And Hughes said it has completed studies for the Ukraine on ways to upgrade that country's airports. One reason is that the Ukraine wants to transform the Crimea, site of successive military invasions, into a tourist hot spot, said Dan Reeder, spokesman for Hughes Aircraft Co.
Analysts say the airport market overseas should be plenty to keep Lockheed Air Terminal busy.
The company is girding itself for further expansion. Since last fall, four new executives, including Aaronson, have been brought in to help steer the company into international markets. Aaronson is the former president and executive officer of the Air Transport Assn. of America, and was also director of aviation at the Port Authority of New York and New Jersey, where he was responsible for management of Kennedy International and La Guardia airports.
Lockheed Air Terminal is also awaiting word on its bid for a contract to supervise construction of a new airport terminal in Istanbul, Turkey. Lockheed has been asked by governments in Hungary, Argentina and Venezuela to make suggestions for possible airport improvement projects. And the company has completed a study on a possible new airport terminal in Beijing, China, again at the government's request.
Driving the market for private airport projects abroad are governments that aspire for economic growth, but don't have the means to provide the infrastructure. Poorer nations are under pressure from the International Monetary Fund to avoid debt, and many see privatization as an alternative.
"Developing nations are recognizing that airports are a part of economic development and they see airport expansion as a key," said Hensley Evans, manager of the international privatization group of Price Waterhouse in Washington, D.C.
But the emerging airport market overseas, though promising, is marred by political uncertainties, warned Wolfgang Demisch, analyst for BT Securities Corp. In Canada, after last year's parliamentary elections, the new government withdrew from an agreement to hire private companies, including Lockheed, to revamp two more terminals at the Toronto airport.
But Lockheed Air Terminal's Butler said that the risks of airport development and management are not as great as in other enterprises. After all, an airport amounts to a public utility, and so "You have a certain measurable traffic that goes through these cities and you can predict over time what that traffic will be," he said.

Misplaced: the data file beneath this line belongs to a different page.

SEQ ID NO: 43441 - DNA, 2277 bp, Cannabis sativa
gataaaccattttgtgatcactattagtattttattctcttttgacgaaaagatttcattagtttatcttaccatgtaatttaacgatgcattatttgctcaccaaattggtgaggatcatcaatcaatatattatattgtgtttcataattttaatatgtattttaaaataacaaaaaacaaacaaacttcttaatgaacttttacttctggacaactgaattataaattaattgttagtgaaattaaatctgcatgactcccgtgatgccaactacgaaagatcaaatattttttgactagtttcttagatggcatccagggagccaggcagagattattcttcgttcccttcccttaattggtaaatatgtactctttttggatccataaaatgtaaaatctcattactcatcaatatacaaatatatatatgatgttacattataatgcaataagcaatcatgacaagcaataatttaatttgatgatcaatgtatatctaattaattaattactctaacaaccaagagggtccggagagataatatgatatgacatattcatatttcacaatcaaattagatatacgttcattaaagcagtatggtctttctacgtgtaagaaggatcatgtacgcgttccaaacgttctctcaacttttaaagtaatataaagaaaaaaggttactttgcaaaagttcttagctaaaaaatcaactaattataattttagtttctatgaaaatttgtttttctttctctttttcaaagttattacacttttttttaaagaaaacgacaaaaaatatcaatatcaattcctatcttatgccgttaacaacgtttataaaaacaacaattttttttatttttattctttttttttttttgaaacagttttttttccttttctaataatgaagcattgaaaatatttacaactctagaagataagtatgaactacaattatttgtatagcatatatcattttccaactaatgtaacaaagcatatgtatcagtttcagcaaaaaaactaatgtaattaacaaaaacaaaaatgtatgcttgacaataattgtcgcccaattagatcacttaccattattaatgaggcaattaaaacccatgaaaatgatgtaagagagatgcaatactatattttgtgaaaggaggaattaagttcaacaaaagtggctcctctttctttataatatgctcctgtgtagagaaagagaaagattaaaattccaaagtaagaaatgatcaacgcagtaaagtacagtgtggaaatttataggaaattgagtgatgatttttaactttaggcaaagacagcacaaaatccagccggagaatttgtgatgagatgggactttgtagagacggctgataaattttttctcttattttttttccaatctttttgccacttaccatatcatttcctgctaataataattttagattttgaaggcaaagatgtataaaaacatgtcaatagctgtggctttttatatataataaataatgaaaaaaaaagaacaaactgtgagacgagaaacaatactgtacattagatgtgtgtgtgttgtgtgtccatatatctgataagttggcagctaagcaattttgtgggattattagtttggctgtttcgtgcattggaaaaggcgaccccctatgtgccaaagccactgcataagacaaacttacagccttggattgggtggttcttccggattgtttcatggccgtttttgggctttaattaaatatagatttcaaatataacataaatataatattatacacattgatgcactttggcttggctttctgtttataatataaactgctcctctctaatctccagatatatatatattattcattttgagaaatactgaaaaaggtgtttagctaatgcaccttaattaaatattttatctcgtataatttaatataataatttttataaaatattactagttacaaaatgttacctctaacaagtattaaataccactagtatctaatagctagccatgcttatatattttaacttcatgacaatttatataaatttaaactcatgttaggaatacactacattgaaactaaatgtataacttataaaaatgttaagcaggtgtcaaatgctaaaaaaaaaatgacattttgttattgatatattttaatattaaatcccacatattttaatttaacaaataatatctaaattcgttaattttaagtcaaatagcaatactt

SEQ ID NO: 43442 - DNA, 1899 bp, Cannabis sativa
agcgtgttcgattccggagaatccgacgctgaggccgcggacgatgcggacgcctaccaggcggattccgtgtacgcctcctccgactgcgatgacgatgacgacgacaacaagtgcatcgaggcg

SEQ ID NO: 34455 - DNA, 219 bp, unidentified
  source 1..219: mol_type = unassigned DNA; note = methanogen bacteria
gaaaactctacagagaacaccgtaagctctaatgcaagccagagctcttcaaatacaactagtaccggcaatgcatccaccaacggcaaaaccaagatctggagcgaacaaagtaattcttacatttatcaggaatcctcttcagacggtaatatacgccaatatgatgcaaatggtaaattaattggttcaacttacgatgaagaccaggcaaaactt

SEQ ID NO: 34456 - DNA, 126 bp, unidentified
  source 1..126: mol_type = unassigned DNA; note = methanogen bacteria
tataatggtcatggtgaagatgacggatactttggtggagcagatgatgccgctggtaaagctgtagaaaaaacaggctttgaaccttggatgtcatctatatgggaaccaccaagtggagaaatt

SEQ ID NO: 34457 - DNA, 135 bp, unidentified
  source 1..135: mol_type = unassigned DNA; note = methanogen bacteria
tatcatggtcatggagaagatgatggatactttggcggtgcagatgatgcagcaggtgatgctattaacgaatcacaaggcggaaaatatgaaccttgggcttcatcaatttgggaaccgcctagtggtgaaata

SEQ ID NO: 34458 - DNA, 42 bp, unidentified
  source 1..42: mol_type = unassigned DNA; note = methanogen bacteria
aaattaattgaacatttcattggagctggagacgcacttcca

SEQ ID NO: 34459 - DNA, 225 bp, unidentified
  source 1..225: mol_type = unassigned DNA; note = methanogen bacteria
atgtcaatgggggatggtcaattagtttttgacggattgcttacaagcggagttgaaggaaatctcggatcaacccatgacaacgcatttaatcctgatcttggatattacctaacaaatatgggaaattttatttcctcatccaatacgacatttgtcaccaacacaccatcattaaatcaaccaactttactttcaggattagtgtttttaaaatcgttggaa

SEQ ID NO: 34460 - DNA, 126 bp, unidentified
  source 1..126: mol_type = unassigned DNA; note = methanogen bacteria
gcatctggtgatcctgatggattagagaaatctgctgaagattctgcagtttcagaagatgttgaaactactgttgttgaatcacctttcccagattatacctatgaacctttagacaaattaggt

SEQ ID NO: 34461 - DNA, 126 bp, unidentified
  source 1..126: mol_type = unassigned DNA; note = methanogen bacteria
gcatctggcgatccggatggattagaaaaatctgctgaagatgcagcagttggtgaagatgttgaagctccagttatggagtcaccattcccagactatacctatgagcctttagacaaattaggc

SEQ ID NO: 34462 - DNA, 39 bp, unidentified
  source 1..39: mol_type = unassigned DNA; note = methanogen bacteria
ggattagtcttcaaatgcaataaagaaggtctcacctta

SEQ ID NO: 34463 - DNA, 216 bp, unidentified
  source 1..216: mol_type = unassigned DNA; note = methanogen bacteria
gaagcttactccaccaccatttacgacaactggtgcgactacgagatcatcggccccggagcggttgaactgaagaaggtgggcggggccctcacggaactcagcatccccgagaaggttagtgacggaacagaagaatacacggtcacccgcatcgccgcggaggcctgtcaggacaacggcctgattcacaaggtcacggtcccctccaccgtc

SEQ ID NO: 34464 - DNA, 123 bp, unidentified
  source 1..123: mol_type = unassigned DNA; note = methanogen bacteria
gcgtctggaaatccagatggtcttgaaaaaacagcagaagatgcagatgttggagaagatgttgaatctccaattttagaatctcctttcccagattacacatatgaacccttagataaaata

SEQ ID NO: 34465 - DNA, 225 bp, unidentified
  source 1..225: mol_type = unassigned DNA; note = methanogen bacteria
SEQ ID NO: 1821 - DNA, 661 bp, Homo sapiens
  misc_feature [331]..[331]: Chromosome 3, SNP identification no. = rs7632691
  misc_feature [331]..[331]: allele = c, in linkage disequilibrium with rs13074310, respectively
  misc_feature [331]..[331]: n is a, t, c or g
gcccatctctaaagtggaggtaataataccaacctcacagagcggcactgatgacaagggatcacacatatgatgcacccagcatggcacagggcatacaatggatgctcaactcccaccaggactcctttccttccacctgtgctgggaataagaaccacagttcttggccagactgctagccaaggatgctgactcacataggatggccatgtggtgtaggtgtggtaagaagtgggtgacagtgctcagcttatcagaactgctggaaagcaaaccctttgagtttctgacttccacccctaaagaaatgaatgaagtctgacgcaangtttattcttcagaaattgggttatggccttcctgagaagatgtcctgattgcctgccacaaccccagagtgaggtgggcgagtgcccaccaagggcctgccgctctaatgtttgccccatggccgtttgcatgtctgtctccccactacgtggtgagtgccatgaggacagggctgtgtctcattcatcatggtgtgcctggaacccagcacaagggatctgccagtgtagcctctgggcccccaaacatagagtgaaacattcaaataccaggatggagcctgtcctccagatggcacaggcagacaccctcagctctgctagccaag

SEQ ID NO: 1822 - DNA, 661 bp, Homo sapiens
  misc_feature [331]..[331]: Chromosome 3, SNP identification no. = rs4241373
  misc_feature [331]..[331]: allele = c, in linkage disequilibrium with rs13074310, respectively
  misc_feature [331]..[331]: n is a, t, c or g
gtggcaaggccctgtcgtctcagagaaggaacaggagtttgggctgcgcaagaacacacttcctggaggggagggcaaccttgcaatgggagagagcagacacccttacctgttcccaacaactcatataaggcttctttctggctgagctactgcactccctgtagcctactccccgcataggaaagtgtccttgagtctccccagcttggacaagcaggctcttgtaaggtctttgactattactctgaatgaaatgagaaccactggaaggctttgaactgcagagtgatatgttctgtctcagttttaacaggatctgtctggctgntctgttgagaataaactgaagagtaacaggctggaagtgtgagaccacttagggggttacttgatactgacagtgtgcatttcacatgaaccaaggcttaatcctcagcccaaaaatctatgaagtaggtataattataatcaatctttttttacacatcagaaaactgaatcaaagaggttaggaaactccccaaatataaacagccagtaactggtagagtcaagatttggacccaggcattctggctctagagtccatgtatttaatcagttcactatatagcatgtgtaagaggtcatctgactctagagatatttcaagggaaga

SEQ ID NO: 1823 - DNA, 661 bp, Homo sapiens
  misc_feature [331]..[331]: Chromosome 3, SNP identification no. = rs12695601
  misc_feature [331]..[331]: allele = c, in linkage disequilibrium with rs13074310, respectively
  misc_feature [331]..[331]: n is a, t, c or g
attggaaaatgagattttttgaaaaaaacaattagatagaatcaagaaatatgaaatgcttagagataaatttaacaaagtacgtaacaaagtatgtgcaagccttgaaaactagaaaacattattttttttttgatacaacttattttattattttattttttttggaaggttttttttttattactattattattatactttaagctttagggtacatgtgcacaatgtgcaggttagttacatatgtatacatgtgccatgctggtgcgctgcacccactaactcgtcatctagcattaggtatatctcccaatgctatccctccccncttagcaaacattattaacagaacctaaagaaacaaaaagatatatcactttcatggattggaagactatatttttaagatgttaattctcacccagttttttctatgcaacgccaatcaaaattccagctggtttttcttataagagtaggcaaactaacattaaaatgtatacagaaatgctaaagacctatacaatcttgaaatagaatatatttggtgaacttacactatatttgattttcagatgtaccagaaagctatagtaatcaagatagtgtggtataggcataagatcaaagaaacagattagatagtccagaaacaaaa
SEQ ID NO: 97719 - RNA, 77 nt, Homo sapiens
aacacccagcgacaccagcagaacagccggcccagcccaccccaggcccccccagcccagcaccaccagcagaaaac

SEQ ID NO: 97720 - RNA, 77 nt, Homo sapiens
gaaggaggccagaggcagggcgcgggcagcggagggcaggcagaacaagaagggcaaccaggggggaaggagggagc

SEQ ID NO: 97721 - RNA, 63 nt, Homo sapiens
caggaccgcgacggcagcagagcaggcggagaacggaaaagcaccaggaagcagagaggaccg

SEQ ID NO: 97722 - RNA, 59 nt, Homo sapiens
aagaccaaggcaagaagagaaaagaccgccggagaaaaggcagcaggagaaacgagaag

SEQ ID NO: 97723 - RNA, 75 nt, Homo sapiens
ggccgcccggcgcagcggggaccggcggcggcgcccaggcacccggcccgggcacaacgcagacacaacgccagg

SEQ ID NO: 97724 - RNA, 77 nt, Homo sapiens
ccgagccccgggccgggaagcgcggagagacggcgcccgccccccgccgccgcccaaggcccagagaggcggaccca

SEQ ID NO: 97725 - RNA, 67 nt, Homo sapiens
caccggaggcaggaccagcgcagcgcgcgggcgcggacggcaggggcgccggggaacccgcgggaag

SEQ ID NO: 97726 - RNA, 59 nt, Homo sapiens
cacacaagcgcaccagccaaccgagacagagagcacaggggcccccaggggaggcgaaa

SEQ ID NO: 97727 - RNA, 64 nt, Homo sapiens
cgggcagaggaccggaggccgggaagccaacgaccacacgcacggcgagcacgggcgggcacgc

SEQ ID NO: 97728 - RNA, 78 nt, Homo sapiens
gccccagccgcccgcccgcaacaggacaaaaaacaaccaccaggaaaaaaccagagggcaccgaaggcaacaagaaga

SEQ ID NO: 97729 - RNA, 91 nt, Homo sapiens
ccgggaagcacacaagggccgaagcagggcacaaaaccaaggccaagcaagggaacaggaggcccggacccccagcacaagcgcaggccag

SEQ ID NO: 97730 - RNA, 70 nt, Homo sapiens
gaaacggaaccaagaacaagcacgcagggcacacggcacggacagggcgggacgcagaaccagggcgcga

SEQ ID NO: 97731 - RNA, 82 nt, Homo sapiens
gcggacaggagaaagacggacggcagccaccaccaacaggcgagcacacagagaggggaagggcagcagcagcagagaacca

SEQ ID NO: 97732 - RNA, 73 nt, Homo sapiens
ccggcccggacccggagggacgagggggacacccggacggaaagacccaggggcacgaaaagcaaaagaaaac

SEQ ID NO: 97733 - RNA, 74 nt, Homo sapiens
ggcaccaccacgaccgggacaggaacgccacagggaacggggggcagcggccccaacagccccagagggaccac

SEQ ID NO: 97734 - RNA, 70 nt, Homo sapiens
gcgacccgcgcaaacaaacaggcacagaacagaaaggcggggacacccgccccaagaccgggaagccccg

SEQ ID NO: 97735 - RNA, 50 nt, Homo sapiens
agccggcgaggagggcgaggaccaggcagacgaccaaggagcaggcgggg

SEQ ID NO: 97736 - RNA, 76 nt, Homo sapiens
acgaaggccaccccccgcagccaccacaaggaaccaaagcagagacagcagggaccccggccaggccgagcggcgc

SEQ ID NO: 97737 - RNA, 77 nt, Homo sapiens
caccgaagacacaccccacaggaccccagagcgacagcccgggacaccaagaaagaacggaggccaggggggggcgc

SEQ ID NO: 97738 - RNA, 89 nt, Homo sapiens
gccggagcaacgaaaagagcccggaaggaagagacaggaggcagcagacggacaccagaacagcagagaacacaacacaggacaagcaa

The company's roots in the airport business date back to 1929 when it was called United Airport Co., then a part of United Airlines. The company was sold to the Lockheed Corp. in 1940, said Butler, and it once owned and operated Burbank Airport. In 1978, it sold the airport to the Burbank-Glendale-Pasadena Airport Authority, but Lockheed stayed on as airport manager and now manages the complex there, overseeing aviation safety, maintenance, construction and a host of other operations.
Although Lockheed Air Terminal's attention is mostly focused overseas, the company still hopes to line up more domestic contracts.
When Richard Riordan ran for mayor, he talked of leasing all or part of Los Angeles International Airport to the private sector to raise additional money for the city. The suggestion has since been shelved, but not for lack of effort by Lockheed Air Terminal. The company poured $158,000 into lobbying city officials for privatization in 1993--the second largest corporate lobby to the Los Angeles city government that year.
And if Mayor Riordan ever revives his plans to privatize LAX, Lockheed officials promise they'll be first in line to bid on that project too.